Summer is almost here, and that means lots of warm-weather sports activities, and along with it an unfortunate increase in the number of concussions on the youth, high school and college sports playing fields.
"While many parents and athletes think that concussions rarely occur in sports such as lacrosse, soccer, softball and baseball, recent data suggests that concussions occur more frequently than previously thought in these sports," said certified athletic trainer, Kevin Guskiewicz, PhD, ATC, a professor and director of the Sports Medicine Research Laboratory at the University of North Carolina at Chapel Hill.
In recent years, new scientific research and clinical-based literature have given the athletic training and medical professions a wealth of updated information on the treatment of sport-related concussion. To provide athletic trainers, physicians, other medical professionals, parents and coaches with recommendations based on these latest studies, the National Athletic Trainers' Association (NATA) has developed a set of guidelines to prevent and manage sport-related concussion and improve decisions about whether an athlete should or should not return to play after experiencing head trauma.
"The focus on most of the current research is to help eliminate the guesswork involved with treating athletes with concussion," said Guskiewicz. "Considering that more than half of high schools and most youth leagues do not have an athletic trainer on staff to identify and manage injuries on the playing field, it's becoming more difficult to manage this condition.
"It's paramount that parents, coaches and the athletes themselves better understand how to identify a concussion and the initial treatment and care recommendations following a concussion. We hope these guidelines serve to help clinicians more easily implement an effective concussion management plan."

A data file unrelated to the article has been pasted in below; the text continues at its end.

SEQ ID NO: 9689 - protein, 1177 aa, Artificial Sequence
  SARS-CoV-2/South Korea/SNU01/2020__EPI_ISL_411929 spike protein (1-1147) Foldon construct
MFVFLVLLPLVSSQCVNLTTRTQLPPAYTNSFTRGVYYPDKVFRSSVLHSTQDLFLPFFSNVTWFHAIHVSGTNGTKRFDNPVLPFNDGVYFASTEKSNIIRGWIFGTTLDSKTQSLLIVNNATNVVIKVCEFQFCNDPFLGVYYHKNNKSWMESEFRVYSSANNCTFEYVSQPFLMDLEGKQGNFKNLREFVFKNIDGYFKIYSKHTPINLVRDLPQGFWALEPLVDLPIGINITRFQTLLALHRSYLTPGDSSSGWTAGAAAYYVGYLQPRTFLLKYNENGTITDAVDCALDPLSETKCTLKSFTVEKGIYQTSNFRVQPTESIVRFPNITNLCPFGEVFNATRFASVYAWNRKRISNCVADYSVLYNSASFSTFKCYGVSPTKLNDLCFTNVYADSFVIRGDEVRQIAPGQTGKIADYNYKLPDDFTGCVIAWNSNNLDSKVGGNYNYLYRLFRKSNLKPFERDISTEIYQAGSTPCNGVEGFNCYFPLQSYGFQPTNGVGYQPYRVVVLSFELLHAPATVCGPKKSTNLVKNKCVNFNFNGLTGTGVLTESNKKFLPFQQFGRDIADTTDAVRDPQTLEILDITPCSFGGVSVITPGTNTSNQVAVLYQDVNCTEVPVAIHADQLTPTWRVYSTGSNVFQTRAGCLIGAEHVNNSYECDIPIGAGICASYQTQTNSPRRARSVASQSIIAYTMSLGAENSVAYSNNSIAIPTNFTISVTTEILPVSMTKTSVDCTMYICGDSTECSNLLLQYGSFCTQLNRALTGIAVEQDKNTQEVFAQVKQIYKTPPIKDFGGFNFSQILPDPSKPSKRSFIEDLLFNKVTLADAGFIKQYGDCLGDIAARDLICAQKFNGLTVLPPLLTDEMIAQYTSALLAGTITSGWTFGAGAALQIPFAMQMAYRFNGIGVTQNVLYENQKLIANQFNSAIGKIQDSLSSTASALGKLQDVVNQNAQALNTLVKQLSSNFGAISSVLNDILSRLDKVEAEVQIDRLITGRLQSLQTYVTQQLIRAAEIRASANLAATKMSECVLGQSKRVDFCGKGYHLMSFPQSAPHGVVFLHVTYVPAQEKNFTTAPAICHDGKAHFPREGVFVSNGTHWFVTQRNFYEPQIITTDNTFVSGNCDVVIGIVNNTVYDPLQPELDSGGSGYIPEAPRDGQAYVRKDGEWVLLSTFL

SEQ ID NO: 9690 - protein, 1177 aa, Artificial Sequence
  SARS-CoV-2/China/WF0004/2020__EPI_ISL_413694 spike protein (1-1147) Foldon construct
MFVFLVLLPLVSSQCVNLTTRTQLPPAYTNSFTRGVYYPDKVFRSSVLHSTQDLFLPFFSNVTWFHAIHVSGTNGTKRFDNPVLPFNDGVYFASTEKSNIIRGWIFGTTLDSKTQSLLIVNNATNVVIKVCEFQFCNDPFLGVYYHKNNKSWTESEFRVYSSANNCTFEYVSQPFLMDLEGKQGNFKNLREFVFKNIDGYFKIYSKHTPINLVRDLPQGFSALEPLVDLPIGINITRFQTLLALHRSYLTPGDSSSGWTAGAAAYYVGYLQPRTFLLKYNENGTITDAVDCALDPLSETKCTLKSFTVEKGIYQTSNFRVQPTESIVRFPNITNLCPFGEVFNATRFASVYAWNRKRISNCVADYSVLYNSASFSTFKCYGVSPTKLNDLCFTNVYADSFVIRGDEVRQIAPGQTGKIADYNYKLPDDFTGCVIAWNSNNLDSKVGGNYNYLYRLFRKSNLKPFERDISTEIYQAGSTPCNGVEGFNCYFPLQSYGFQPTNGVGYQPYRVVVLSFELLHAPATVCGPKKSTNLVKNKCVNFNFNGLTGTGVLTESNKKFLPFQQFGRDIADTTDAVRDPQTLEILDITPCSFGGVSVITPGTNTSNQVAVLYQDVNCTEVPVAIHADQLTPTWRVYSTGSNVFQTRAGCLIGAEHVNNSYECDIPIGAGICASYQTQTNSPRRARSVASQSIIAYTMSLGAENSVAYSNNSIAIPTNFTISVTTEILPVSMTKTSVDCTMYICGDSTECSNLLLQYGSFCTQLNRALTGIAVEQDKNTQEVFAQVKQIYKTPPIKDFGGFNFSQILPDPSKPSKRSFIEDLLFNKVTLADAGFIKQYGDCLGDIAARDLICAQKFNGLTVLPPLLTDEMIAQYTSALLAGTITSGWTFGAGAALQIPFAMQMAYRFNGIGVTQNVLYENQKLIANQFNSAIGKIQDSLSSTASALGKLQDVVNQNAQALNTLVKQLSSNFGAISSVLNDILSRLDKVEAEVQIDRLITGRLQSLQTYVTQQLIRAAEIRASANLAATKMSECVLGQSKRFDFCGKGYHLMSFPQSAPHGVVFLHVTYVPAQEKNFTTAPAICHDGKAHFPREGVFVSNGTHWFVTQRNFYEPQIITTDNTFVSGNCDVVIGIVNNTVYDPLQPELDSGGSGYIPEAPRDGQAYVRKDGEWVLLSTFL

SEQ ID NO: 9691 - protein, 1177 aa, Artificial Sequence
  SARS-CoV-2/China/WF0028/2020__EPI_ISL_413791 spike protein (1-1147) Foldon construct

The following is a list of 10 guidelines from the NATA to help prevent and ultimately manage concussions in youth, high school and collegiate settings:
If an athlete shows concussion-like sigs and reports symptoms after a contact to the head, the athlete has, at the very least, sustained a mild concussion and should be treated for a concussion. The terms "ding" and "bell ringer" are discouraged, because they downplay the significance of the injury.
In addition to a thorough clinical evaluation, formal neurocognitive and postural-stability testing (e.g. balance testing to determine that an athlete can stand without changing position) is recommended to assist in objectively determining injury severity and readiness to return to play (RTP). NATA strongly recommends that youth leagues, high schools, colleges and professional teams institute a testing program that incorporates baseline testing of athletes.
Once symptom-free, the athlete should be reassessed to establish that cognition and postural stability have returned to normal for that player. [Editor's note: this is no longer considered the standard of care. Under current guidelines, an athlete must also complete a graduated exercise protocol before being cleared to return to full sports participation].